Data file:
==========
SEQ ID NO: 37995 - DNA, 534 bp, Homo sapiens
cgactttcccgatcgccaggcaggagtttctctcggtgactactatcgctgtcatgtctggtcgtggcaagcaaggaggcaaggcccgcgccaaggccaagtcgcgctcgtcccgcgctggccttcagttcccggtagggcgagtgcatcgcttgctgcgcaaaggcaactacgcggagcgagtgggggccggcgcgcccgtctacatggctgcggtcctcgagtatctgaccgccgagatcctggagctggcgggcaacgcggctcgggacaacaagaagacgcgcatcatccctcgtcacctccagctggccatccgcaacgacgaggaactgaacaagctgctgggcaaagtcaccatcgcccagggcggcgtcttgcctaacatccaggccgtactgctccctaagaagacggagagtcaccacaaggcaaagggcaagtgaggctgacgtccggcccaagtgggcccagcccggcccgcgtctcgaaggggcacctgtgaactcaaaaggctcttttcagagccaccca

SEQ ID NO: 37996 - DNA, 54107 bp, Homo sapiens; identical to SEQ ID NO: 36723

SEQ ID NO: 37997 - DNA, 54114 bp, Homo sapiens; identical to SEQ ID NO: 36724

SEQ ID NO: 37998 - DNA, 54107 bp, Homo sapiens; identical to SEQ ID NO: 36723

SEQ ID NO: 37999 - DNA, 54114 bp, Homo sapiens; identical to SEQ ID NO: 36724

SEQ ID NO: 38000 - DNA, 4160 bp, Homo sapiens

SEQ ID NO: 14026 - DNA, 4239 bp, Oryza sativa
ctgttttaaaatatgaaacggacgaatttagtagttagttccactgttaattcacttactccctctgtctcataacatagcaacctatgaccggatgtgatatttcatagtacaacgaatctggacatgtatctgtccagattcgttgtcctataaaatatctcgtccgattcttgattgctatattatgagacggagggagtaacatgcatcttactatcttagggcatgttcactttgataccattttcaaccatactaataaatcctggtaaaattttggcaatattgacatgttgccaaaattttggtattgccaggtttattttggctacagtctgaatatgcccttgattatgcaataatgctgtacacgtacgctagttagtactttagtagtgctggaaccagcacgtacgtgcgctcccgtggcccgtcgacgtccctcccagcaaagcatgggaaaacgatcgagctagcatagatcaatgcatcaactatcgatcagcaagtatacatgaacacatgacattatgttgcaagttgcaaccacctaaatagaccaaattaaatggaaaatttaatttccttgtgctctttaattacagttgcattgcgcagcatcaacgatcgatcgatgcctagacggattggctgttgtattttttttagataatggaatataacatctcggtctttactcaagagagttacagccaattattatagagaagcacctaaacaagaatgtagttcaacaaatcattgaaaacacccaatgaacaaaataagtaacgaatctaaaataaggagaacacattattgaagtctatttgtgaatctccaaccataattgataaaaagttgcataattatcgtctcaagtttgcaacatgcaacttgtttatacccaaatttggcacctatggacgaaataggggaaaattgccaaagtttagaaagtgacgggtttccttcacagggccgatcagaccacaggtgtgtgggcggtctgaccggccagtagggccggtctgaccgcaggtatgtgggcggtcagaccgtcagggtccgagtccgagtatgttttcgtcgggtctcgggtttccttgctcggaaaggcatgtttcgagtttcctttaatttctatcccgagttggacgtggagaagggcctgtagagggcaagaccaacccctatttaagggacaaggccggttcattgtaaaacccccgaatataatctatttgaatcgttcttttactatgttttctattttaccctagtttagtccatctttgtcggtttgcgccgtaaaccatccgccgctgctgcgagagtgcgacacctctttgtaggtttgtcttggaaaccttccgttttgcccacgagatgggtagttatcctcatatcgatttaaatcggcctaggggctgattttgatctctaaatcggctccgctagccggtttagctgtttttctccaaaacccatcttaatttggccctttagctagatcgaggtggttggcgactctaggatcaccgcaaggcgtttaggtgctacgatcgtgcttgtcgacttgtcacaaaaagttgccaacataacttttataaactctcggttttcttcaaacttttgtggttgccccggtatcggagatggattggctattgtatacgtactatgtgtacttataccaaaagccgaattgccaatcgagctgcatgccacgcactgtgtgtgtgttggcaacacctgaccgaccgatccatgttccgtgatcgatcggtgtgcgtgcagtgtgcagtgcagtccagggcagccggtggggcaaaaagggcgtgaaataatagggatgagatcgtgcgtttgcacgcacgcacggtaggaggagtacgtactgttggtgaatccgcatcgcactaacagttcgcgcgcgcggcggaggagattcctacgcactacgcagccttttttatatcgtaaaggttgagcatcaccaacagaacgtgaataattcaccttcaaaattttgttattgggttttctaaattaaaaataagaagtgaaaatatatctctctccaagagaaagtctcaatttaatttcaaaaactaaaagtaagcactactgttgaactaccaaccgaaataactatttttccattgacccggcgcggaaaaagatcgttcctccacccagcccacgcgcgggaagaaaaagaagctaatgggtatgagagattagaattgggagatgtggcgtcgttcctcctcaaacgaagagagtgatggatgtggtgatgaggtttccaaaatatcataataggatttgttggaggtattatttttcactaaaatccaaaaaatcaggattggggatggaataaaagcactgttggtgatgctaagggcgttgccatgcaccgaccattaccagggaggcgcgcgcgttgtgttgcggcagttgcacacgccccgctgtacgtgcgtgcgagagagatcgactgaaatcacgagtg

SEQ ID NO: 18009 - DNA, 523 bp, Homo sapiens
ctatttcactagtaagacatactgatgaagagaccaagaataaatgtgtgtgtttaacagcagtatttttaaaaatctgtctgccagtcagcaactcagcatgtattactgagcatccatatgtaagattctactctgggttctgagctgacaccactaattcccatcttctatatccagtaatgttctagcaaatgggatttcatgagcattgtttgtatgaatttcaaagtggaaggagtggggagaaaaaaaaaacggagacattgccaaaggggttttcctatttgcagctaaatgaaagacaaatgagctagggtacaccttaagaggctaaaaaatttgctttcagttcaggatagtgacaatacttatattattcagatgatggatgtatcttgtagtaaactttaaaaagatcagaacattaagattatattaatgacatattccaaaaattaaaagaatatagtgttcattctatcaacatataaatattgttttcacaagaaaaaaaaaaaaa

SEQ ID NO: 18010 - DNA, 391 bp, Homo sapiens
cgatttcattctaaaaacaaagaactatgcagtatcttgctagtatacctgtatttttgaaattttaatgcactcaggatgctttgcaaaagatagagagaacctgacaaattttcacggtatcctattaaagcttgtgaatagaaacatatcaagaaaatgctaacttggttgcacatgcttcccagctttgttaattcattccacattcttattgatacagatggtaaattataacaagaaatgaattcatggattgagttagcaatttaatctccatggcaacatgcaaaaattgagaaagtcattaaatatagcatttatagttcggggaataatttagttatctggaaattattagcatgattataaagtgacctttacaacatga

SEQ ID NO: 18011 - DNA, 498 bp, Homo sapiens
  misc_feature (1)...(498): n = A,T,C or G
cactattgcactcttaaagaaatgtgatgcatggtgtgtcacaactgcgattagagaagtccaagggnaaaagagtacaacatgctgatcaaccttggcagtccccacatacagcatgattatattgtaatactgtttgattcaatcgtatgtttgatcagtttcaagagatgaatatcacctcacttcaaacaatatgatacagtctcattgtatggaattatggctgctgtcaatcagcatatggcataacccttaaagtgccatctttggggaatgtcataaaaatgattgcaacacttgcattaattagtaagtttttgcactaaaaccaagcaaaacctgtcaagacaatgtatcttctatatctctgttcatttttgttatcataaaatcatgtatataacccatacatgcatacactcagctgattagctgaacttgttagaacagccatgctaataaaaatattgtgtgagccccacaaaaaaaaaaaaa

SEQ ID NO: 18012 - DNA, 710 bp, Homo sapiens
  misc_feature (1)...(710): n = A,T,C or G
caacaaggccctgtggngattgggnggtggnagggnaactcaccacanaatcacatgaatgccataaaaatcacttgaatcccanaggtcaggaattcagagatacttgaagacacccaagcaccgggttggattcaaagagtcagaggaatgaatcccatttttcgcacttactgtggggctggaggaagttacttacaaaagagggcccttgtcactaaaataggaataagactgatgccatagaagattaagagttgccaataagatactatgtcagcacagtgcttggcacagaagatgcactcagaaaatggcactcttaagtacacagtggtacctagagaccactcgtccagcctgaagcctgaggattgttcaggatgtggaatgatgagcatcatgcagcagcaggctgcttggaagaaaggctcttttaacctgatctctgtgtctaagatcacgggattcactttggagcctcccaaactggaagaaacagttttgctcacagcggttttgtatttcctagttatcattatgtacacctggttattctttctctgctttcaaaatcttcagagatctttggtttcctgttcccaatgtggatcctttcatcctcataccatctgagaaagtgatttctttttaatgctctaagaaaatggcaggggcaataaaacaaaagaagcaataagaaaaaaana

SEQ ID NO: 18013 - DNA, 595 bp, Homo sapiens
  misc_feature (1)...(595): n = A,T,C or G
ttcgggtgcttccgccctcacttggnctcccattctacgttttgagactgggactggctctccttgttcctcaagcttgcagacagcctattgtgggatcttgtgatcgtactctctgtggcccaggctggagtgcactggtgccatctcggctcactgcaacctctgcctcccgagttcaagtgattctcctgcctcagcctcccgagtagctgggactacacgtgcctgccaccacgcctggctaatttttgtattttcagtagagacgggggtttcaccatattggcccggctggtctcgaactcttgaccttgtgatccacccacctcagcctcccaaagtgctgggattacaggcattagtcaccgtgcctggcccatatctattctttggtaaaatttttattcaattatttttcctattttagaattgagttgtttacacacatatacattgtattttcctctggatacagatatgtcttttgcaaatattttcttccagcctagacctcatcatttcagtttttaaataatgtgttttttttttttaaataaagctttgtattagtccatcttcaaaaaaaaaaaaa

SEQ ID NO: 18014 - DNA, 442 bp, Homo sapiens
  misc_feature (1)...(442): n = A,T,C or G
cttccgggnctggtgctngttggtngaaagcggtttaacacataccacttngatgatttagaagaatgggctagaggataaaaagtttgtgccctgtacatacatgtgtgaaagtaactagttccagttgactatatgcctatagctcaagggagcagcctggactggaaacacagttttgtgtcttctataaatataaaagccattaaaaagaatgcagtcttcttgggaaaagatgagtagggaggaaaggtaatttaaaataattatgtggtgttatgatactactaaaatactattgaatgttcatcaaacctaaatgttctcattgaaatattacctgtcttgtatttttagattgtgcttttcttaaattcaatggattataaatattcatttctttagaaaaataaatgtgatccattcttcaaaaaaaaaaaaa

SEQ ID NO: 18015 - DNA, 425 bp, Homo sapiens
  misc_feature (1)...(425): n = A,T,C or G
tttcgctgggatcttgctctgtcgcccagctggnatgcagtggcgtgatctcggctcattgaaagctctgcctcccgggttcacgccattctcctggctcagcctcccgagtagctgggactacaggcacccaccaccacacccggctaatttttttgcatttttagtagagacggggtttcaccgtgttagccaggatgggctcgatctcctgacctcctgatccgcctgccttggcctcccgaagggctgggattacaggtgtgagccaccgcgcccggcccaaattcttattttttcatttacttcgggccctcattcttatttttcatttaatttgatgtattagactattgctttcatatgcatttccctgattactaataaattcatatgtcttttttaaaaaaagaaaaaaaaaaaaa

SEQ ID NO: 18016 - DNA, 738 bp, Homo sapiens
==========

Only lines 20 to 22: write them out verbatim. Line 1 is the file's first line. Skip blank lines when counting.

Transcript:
SEQ ID NO: 18013 - DNA, 595 bp, Homo sapiens
  misc_feature (1)...(595): n = A,T,C or G
ttcgggtgcttccgccctcacttggnctcccattctacgttttgagactgggactggctctccttgttcctcaagcttgcagacagcctattgtgggatcttgtgatcgtactctctgtggcccaggctggagtgcactggtgccatctcggctcactgcaacctctgcctcccgagttcaagtgattctcctgcctcagcctcccgagtagctgggactacacgtgcctgccaccacgcctggctaatttttgtattttcagtagagacgggggtttcaccatattggcccggctggtctcgaactcttgaccttgtgatccacccacctcagcctcccaaagtgctgggattacaggcattagtcaccgtgcctggcccatatctattctttggtaaaatttttattcaattatttttcctattttagaattgagttgtttacacacatatacattgtattttcctctggatacagatatgtcttttgcaaatattttcttccagcctagacctcatcatttcagtttttaaataatgtgttttttttttttaaataaagctttgtattagtccatcttcaaaaaaaaaaaaa